Vertebrate zoology is the study of animals which have a backbone. There are only about 50,000 different kinds of vertebrates, a pin-prick in the earth's biodiversity compared to the millions of different kinds of invertebrates - animals without backbones - and plants.
Despite this and because they tend to big, obvious, and frequently cute, vertebrates such as whales, big cats, and birds get far more public attention than all the rest.
This popularity means that vertebrates, far more than other animals or plants, become the symbols of campaigns to raise public awareness of environmental issues. It is this popularity which also makes them an important part of this museum.
The Vertebrate Collection has its origins in the Cardiff City Museum which was based in the old Central Library. We still have about 200 of these specimens, mainly mounted birds and skeletal specimens, the earliest dating back to 1882.
Over the last 80 years the Collection has been built up by the acquisition of many small collections and a large number of individual donations. It is still relatively small and holds approximately 12,000 cabinet skins, 8,000 glass negatives, 7,500 clutches of bird eggs, 4,000 skeletal preparations and 1,800 mounted specimens.
Of particular note are 10 complete specimens of extinct animals; Great Auk alca impennis (and egg), Passenger Pigeon Ectopistes migratoria (2, a mount and a skeleton), Dodo Raphus cucculatus (skeleton), Huia Heteralocha acutirostris (2 mounts, 2 skins), Thylacine Thylacinus cynocephalus (mount) and a semi-fossilised egg of an Elephant Bird Aepyornis maximus. And although incomplete we have the leg bone from an unidentified species of Moa.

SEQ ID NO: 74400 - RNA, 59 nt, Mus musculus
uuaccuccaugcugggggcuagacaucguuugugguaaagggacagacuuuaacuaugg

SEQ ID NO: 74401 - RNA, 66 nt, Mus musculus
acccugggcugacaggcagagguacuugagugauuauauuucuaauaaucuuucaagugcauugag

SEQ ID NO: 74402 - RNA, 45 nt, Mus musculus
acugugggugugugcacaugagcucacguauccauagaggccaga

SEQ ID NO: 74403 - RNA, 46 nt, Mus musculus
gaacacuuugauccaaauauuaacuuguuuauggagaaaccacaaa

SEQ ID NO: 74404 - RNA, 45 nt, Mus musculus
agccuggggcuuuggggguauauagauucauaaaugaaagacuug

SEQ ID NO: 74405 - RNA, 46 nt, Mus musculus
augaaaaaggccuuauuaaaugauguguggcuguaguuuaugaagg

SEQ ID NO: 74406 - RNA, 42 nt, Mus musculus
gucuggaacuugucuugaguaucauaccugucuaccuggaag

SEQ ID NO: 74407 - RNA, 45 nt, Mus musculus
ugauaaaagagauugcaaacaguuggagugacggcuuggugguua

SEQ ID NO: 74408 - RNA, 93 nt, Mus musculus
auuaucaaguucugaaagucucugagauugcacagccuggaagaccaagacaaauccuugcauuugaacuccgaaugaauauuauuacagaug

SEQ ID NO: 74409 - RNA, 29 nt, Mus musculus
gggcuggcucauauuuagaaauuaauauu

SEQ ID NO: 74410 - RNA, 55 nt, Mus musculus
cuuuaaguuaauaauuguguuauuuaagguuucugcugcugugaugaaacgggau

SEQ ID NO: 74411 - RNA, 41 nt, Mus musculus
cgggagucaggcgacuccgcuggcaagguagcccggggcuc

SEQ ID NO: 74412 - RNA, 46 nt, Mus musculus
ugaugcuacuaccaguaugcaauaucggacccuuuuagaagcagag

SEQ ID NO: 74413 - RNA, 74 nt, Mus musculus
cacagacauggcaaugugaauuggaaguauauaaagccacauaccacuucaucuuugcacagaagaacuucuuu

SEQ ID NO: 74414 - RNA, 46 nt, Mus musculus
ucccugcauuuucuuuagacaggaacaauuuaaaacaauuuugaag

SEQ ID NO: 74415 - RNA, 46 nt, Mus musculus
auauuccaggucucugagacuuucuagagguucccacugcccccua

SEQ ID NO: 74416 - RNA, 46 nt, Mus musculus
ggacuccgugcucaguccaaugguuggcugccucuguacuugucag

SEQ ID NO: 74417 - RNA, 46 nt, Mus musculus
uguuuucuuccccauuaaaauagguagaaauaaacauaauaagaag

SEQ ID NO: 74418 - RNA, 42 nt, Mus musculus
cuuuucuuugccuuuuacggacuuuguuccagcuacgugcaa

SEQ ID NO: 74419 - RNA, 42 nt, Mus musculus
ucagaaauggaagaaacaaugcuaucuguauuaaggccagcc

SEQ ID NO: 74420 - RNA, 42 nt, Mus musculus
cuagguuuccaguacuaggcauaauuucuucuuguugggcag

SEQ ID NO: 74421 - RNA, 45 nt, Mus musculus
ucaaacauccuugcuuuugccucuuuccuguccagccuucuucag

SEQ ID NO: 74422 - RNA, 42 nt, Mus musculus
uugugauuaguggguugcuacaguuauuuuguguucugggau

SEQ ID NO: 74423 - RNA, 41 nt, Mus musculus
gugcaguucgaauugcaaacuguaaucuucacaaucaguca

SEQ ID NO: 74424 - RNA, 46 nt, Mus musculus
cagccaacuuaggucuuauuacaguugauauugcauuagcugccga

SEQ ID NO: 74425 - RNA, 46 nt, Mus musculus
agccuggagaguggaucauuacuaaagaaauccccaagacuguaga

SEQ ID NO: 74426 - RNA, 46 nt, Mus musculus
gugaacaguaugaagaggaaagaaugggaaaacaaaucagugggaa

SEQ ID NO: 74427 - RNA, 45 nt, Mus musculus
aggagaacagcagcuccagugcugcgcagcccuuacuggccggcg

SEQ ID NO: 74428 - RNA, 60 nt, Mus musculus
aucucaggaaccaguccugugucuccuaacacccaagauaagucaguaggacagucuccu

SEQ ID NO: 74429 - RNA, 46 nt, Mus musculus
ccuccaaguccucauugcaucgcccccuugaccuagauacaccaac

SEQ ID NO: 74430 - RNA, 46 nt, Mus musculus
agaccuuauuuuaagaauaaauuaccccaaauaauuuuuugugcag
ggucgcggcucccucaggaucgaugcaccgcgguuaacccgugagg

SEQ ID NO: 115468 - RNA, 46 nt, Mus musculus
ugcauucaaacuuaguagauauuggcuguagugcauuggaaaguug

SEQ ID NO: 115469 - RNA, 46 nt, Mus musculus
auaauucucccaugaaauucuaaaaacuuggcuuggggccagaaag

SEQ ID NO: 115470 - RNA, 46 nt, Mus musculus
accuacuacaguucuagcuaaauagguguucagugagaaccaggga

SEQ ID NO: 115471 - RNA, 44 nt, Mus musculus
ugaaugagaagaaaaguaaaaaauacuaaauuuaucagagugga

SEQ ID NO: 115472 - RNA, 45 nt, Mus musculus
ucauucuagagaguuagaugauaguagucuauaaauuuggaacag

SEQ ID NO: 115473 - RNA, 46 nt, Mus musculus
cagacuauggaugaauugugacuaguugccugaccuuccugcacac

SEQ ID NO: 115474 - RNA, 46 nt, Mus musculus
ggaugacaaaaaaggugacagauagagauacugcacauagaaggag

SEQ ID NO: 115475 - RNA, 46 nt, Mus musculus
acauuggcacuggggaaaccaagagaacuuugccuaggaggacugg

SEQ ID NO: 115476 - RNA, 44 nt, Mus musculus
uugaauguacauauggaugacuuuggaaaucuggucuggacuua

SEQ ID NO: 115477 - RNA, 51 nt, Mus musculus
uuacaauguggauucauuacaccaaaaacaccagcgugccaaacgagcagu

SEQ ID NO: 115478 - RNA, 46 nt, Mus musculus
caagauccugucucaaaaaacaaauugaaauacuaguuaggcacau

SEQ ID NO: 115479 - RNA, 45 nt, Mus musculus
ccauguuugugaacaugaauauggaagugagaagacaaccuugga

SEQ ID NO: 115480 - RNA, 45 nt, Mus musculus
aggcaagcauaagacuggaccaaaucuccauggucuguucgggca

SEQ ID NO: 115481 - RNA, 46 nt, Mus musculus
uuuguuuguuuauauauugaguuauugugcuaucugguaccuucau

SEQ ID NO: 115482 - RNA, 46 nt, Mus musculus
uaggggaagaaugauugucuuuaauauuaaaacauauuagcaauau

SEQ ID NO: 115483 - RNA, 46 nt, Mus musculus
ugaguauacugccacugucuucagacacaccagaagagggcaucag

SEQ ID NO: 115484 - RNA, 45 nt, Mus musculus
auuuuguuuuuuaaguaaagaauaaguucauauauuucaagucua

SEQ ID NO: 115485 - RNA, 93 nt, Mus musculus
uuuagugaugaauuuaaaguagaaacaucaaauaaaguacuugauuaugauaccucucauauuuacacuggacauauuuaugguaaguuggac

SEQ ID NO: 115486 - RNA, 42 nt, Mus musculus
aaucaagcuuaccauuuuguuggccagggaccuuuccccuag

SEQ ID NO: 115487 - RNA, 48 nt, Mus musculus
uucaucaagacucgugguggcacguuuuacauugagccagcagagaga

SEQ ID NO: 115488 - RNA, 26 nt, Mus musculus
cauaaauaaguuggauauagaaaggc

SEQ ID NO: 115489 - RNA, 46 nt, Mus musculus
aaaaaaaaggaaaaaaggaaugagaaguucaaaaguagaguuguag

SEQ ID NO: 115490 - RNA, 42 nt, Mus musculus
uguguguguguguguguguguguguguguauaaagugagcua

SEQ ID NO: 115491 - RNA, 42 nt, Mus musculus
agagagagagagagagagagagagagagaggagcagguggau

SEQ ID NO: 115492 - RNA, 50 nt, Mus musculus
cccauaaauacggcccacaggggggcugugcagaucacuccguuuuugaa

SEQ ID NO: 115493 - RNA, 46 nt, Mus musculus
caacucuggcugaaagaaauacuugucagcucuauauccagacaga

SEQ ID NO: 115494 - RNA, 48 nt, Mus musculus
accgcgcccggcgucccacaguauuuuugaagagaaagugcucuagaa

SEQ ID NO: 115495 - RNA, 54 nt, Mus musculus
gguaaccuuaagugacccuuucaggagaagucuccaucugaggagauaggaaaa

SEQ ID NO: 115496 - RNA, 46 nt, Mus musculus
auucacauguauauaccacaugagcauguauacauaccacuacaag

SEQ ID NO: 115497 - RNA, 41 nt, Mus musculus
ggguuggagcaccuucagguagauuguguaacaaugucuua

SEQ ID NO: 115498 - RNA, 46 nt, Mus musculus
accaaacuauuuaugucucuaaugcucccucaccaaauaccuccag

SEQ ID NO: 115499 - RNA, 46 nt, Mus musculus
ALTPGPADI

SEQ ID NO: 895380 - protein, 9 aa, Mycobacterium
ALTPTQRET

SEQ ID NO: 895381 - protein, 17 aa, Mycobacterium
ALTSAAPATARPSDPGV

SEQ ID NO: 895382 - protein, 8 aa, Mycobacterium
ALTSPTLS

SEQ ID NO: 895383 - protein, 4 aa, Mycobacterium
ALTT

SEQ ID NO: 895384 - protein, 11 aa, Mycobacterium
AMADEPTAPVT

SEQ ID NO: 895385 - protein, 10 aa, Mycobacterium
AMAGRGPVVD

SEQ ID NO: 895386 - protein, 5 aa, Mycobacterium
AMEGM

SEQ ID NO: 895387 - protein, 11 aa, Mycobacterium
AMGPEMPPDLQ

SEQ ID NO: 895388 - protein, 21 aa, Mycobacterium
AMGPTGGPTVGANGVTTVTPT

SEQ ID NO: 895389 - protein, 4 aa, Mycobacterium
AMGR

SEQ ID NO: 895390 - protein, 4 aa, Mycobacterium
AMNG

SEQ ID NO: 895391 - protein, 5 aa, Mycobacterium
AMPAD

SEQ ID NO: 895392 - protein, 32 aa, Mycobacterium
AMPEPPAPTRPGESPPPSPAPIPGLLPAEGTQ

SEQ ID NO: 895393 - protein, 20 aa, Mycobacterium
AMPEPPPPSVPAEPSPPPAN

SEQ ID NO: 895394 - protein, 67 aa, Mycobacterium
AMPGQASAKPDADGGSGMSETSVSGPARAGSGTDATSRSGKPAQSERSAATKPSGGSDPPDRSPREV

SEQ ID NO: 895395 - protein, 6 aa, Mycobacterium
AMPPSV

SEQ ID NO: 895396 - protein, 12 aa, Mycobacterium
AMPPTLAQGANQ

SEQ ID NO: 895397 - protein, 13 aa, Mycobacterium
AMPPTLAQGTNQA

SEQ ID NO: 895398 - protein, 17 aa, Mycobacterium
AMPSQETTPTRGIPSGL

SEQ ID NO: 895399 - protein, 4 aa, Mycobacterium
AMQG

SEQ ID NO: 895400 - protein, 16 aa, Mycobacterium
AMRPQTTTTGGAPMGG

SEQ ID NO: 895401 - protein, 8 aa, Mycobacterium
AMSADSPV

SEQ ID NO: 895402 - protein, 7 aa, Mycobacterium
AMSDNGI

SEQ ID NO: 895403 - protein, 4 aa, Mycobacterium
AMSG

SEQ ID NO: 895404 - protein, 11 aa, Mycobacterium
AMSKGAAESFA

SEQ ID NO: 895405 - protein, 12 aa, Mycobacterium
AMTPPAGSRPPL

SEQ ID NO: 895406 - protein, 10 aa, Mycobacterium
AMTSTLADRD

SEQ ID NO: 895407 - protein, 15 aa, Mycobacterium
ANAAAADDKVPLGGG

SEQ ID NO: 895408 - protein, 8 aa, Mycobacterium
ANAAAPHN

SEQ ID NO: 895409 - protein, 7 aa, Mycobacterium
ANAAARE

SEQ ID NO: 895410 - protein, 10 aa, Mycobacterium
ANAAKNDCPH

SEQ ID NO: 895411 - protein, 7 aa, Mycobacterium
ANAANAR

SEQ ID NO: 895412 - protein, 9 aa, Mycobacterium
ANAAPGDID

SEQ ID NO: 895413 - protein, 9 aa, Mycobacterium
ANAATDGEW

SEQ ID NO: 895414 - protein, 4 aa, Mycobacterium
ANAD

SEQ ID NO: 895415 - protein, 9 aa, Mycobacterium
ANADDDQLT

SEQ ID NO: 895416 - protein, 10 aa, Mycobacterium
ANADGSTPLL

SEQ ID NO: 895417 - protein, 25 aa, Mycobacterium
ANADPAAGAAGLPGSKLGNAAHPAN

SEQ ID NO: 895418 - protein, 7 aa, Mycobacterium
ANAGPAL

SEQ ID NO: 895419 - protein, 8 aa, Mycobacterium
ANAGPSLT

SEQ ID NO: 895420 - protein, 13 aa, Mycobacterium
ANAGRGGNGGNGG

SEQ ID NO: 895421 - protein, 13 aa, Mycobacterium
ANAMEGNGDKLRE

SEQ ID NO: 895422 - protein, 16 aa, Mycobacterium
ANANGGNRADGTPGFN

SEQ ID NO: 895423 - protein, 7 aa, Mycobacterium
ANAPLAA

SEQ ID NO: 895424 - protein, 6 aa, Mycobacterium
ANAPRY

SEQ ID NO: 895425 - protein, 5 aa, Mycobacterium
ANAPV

There are about 90 figured or cited specimens in the collection, these are mainly species of bird and fish which are rarely found in the British Isles and any occurrence of which is reported in a variety of journals. We also have several specimens that received widespread coverage in local papers such as; the skeleton of 'Billy' the seal, Red Deer antlers and several albino or leucistic birds.
There are two searchable databases available on-line, one details the bird skin collection and the other the museum's collection of mounted animals.